"Why is this happening?" a woman said. Jeff and I then walked back to our desks to report what had just happened. We told our coworkers, and they went over to look. I don't know if they got a chance to see before Jeff called out, "Kurt! C'mon! Don't bother to shut down your computer! Let's go!" and we headed toward the stairs. Everyone else on the sixteenth floor was crowded around the stairwell. A woman looked toward the elevators and said, "I wonder if we can take the elevators?" "I'm not taking the elevator," I said, and she also continued toward the crowded stairwell. Everyone on sixteen was crowding in, along with everyone from the twenty floors above us. Some people were sobbing. Some people were trying to place calls on their cell phones. Everyone was calm and collected, though; no panicking, no pushing, no screaming. It was slow going, getting down those stairs, but everyone was willing to put up with the wait.

We emptied out on the west side of the building, on the West Side Highway, next to the Hudson River. There you could see the towers in plain sight, each with red and yellow around their gaping holes, almost like someone had drawn them on a photograph of the towers with glossy fingerpaint. It just wasn't real. There it was, but it just couldn't be. Andy, Jeff and I stood there for a while, looking for other people from our department, but we couldn't find anyone, so we decided to follow the thousands of other suddenly displaced Financial District workers and head north along the highway. "Welcome back," Jeff said. "How was vacation?"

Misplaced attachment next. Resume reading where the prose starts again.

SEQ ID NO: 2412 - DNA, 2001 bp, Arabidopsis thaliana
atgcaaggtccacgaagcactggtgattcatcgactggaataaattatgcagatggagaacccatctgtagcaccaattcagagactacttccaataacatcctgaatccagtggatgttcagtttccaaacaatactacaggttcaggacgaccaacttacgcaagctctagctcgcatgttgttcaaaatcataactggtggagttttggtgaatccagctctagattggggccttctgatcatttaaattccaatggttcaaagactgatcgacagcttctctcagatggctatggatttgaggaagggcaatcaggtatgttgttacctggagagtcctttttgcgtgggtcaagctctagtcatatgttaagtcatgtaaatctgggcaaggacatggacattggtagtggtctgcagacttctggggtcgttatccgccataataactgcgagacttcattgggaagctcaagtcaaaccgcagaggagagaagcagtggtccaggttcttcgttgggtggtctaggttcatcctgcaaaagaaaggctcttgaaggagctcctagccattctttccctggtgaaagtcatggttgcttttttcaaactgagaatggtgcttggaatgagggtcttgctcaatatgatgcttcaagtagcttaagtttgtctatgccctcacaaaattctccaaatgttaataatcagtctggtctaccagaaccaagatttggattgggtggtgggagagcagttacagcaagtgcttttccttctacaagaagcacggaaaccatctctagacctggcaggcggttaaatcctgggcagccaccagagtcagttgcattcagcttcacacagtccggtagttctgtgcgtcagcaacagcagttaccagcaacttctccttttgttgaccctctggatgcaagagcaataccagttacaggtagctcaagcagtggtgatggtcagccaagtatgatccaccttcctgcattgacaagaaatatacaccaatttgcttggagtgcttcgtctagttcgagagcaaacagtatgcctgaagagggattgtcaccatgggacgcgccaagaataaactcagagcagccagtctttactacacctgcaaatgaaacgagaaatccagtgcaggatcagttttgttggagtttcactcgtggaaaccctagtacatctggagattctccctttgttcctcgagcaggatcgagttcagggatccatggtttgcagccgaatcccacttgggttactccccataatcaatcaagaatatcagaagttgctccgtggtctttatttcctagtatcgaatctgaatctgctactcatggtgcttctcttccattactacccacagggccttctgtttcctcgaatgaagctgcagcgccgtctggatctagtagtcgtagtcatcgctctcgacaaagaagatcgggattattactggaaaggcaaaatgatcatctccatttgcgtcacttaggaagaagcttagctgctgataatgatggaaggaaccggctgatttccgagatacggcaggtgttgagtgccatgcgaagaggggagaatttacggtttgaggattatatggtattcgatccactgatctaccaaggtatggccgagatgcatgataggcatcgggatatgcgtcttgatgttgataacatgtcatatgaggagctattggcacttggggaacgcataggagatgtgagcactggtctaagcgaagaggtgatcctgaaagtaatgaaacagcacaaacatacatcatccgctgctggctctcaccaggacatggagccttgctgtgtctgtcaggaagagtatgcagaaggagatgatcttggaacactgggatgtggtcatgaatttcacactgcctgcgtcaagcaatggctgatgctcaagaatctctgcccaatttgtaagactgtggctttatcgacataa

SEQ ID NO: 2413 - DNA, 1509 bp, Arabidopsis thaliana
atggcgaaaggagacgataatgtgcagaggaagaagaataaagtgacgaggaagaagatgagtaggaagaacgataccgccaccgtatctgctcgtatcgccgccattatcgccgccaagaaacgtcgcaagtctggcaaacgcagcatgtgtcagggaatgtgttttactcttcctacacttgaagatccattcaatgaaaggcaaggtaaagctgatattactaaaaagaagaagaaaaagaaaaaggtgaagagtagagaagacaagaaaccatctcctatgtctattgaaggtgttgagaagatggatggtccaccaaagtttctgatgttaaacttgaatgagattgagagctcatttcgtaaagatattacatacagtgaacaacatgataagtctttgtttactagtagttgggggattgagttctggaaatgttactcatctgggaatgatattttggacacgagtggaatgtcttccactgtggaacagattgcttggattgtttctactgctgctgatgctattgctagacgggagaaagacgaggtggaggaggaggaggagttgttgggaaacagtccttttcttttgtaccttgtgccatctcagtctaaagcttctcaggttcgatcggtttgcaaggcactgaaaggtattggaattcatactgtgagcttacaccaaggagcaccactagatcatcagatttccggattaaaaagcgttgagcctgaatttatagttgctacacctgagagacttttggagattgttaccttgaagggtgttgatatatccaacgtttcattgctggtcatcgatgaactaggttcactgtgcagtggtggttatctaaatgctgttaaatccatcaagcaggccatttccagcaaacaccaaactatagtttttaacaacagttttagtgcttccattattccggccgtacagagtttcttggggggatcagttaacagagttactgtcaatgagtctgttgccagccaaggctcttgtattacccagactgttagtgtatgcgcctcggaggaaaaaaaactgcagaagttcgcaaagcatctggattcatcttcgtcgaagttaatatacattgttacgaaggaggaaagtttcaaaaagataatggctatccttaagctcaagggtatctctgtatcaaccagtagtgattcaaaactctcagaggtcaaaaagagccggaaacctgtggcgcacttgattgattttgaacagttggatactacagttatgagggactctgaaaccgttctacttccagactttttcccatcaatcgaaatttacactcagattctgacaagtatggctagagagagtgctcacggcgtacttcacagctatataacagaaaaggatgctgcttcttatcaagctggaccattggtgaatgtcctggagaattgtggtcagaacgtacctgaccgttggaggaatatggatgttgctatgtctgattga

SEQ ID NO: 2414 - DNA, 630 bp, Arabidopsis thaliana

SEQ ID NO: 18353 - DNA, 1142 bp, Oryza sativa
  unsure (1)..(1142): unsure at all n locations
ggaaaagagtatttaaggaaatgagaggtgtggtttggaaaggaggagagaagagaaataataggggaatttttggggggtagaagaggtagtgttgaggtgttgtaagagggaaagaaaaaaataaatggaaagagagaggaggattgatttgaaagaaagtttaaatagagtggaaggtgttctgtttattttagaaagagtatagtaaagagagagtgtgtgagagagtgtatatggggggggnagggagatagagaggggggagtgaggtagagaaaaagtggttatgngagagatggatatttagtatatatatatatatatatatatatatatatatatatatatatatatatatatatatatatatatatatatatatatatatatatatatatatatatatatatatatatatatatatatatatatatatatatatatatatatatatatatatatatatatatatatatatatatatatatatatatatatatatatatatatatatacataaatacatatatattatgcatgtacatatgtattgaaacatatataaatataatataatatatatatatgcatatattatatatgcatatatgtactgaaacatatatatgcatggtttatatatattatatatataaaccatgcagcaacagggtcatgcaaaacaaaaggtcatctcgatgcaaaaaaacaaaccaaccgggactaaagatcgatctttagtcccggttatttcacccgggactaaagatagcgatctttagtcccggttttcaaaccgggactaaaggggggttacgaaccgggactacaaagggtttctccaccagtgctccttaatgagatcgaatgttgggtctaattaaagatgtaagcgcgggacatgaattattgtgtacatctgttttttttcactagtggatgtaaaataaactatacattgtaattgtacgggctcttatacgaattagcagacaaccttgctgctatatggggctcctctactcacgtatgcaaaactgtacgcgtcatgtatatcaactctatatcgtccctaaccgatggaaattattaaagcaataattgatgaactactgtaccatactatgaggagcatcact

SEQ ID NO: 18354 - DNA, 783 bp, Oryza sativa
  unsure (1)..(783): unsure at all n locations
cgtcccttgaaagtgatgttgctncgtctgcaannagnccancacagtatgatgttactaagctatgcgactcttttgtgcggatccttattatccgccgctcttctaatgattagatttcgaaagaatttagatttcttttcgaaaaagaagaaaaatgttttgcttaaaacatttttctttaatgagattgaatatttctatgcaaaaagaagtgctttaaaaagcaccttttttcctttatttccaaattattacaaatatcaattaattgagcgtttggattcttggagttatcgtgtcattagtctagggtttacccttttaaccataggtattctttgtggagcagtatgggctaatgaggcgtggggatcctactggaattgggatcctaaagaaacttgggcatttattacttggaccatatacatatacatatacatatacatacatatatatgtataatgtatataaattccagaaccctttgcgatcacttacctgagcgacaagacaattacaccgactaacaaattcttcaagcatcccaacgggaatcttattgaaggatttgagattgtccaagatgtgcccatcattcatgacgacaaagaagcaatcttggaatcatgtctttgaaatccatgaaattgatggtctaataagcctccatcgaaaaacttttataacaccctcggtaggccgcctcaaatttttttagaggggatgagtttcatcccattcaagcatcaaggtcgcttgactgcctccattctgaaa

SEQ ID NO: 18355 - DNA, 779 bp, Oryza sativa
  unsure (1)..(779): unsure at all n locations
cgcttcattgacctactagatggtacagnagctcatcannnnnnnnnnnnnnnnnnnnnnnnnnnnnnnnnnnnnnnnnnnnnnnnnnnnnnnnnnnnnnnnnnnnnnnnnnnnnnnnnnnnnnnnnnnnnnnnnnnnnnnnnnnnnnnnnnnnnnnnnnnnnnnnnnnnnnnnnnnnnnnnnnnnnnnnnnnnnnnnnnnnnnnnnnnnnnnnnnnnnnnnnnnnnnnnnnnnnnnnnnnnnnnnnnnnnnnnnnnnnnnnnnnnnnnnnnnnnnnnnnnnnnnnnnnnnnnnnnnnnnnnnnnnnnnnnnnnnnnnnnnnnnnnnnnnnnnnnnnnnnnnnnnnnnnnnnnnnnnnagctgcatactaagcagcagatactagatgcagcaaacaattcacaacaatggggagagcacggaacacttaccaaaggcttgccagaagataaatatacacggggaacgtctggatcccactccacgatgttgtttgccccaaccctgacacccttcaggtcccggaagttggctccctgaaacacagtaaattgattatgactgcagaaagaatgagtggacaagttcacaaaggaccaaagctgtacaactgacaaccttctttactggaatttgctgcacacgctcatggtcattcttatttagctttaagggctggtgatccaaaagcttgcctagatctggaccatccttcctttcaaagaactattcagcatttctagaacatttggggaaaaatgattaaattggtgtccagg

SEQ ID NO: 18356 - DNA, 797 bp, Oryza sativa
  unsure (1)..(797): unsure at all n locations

We walked north, with no idea what to expect. There were plenty of other tall buildings around; was ours next? If not, what? Landmarks, probably: the Empire State Building, Rockefeller Center… we speculated on what the next one could be. What else was there to do? As we headed north, a couple of guys were riding their bikes against the crowd. One of them was shouting, "It's the Jews! The Jews!" As he passed, I bellowed an expletive at him. He then stopped his bike and started yelling at me, making all kinds of threats, which I ignored. In retrospect, the guy wasn't worth any attention, but I really hate crap like that, and I wanted to do something. Maybe I should have pushed his bike over? I don't know.